Today is a day for a little self indulgence in another of my little guilty pleasures.  Every Picture Tells A Story was the third album by Anglo Scottish Rocker Rod Stewart.  The album features a veritable ‘Who’s who’ of British musical royalty including:  Ronnie Wood, Ronnie Lane, Maggie Bell, Danny Thompson and Long John Baldry.  As a result it is multi-faceted with Blues, Jazz, Rock, Country, Folk and Soul influences all apparent.

“Every Picture Tells a Story” defines what was Great about Stewart and the Faces during his early career.  Opening track “Every Picture Tells a Story” is both musically and vocally fiery and passionate.  The energy of ‘The Faces’ is apparent from the get go their hot tones and impeccable timing mark ‘The Faces’ as an outstanding band. Ronnie Wood is in fine form with his gutsy screaming bluesy solo’s but it is of course Stewarts Vocal performance that holds the whole thing together as a piece.  His gritty, throaty, growling vocals are a joy throughout, his voice unique as he croons his lyrics as a superb compliment to the Faces playing.

Stewarts performances are always dynamic and moving, but he really does justice to the cover songs included on the album.  Covers of songs by Bob Dylan and The Temptations amongst others, compliment Stewart’s own tunes perfectly.  That said Stewarts own songs “Mandolin Wind,” “Maggie May” and the title track are the standout tracks on the album.  They are beautifully written life narratives about ordinary people, full of maturity and social commentary.  Whilst Stewart does come over as world weary on occasion  “Every Picture Tells a Story,”  is a high-energy, vibrant, danceable, fun and engaging album.  All involved come over as having a great time and as a result you will too.  every track will have you rocking along though in all honesty I could have well done without a cover version of ‘Amazing Grace’, the one track that seems (at least to me) to have no place on the album.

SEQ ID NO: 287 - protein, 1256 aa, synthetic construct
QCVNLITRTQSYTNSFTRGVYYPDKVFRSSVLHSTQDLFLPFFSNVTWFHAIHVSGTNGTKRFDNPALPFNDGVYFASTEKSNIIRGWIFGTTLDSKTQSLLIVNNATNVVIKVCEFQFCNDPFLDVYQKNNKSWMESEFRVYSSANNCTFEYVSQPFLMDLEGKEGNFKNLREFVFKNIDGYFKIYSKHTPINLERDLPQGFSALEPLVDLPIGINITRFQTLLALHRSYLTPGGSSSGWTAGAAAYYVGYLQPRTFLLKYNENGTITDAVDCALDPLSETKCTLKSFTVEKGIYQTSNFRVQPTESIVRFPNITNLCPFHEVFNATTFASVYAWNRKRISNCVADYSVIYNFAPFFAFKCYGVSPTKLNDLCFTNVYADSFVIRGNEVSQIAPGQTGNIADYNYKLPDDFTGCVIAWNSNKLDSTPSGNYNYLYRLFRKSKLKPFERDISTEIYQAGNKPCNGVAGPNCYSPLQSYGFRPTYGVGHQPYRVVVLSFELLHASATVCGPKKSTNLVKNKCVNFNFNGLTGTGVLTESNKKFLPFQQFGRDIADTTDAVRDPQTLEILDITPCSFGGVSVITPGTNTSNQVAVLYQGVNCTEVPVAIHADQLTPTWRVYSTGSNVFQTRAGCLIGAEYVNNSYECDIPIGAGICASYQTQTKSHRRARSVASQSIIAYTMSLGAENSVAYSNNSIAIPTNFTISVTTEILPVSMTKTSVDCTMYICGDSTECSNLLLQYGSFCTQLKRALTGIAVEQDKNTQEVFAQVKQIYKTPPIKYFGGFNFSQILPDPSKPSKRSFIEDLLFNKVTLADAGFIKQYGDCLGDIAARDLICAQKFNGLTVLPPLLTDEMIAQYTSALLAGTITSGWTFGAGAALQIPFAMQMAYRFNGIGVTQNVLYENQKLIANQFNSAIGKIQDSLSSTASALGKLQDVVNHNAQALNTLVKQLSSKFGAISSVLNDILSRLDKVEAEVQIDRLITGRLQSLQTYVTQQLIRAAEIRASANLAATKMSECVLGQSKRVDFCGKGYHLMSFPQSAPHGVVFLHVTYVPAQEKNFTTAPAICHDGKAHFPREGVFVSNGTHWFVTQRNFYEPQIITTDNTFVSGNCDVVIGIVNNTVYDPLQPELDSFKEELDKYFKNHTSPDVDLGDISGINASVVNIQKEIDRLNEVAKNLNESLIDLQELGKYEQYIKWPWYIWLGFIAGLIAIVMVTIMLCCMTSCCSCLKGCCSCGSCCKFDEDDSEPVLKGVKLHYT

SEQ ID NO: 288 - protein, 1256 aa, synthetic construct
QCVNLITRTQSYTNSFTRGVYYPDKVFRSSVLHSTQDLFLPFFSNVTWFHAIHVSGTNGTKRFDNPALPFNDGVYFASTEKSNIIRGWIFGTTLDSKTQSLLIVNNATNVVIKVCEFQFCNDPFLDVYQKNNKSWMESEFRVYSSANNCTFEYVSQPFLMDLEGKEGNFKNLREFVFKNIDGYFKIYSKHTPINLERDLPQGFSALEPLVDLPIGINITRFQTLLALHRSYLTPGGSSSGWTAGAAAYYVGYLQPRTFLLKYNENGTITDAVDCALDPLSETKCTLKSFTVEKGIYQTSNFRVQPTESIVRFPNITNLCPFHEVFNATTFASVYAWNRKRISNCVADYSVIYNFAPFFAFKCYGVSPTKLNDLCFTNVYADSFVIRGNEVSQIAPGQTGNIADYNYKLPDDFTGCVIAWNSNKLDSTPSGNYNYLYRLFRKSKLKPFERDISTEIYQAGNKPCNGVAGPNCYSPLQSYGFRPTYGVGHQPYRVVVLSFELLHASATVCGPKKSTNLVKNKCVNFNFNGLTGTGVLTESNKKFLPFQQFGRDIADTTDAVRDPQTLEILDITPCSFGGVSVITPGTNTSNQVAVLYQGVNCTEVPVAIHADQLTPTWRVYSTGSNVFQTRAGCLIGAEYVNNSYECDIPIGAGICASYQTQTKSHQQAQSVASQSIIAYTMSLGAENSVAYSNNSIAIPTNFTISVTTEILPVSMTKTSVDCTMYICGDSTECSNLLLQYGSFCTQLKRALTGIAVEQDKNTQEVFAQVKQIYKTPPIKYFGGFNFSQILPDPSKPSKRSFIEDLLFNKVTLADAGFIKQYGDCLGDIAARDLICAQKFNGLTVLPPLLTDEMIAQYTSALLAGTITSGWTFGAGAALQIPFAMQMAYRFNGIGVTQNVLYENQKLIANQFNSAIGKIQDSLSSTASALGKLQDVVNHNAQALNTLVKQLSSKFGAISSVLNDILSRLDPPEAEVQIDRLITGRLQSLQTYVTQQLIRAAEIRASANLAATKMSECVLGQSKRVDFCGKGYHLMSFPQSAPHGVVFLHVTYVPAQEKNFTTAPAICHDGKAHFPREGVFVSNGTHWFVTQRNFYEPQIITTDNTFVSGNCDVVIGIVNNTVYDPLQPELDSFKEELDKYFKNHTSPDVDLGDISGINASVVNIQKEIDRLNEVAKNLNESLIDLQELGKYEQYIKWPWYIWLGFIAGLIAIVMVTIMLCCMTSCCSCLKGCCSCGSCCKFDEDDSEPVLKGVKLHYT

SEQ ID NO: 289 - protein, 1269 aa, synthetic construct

‘Maggie May’ a stunning narrative about a young mans relationship with an older woman was a huge hit and is one of the strongest tracks on the album.  Mandolin Wind is a great track, another story about love and life, it is oddly touching and even has Stewart playing a banjo part.

So Every Picture Tells A Story is an interesting, fun, touching and engaging album full of highlights.  It is most certainly worth a listen.

As always thanks for dropping by my blog.  if you like what you read please hit the like button or leave a comment.  If you don’t like what you read then please leave a comment explaining why 🙂

75 Essential Albums – Day #57 – Bob Dylan